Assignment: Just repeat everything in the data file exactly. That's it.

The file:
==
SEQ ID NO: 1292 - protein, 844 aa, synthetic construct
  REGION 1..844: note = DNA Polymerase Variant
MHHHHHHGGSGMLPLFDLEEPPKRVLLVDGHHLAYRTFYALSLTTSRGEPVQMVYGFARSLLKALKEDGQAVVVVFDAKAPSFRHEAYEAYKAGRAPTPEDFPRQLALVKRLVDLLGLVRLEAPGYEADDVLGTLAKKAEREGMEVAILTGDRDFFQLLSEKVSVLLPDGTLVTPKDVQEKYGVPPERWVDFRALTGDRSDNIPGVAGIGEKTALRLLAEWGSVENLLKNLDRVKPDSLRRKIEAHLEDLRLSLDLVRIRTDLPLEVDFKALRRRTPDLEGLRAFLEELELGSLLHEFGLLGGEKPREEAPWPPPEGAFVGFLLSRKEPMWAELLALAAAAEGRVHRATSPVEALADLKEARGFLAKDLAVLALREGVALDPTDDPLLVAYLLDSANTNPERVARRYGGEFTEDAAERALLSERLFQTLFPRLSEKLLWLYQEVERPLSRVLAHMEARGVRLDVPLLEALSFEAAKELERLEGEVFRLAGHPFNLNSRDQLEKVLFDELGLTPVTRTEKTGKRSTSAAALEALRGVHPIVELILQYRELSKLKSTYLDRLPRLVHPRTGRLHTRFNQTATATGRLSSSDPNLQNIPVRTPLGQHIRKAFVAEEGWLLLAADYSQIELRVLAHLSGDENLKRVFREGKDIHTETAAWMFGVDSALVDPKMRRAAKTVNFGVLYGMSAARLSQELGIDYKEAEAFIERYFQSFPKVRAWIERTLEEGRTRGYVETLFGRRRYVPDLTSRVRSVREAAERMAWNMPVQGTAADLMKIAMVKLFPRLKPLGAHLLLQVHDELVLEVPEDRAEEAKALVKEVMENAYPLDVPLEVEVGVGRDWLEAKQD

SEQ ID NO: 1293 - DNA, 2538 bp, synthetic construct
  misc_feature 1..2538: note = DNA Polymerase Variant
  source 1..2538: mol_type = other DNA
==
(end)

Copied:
SEQ ID NO: 1292 - protein, 844 aa, synthetic construct
  REGION 1..844: note = DNA Polymerase Variant
MHHHHHHGGSGMLPLFDLEEPPKRVLLVDGHHLAYRTFYALSLTTSRGEPVQMVYGFARSLLKALKEDGQAVVVVFDAKAPSFRHEAYEAYKAGRAPTPEDFPRQLALVKRLVDLLGLVRLEAPGYEADDVLGTLAKKAEREGMEVAILTGDRDFFQLLSEKVSVLLPDGTLVTPKDVQEKYGVPPERWVDFRALTGDRSDNIPGVAGIGEKTALRLLAEWGSVENLLKNLDRVKPDSLRRKIEAHLEDLRLSLDLVRIRTDLPLEVDFKALRRRTPDLEGLRAFLEELELGSLLHEFGLLGGEKPREEAPWPPPEGAFVGFLLSRKEPMWAELLALAAAAEGRVHRATSPVEALADLKEARGFLAKDLAVLALREGVALDPTDDPLLVAYLLDSANTNPERVARRYGGEFTEDAAERALLSERLFQTLFPRLSEKLLWLYQEVERPLSRVLAHMEARGVRLDVPLLEALSFEAAKELERLEGEVFRLAGHPFNLNSRDQLEKVLFDELGLTPVTRTEKTGKRSTSAAALEALRGVHPIVELILQYRELSKLKSTYLDRLPRLVHPRTGRLHTRFNQTATATGRLSSSDPNLQNIPVRTPLGQHIRKAFVAEEGWLLLAADYSQIELRVLAHLSGDENLKRVFREGKDIHTETAAWMFGVDSALVDPKMRRAAKTVNFGVLYGMSAARLSQELGIDYKEAEAFIERYFQSFPKVRAWIERTLEEGRTRGYVETLFGRRRYVPDLTSRVRSVREAAERMAWNMPVQGTAADLMKIAMVKLFPRLKPLGAHLLLQVHDELVLEVPEDRAEEAKALVKEVMENAYPLDVPLEVEVGVGRDWLEAKQD

SEQ ID NO: 1293 - DNA, 2538 bp, synthetic construct
  misc_feature 1..2538: note = DNA Polymerase Variant
  source 1..2538: mol_type = other DNA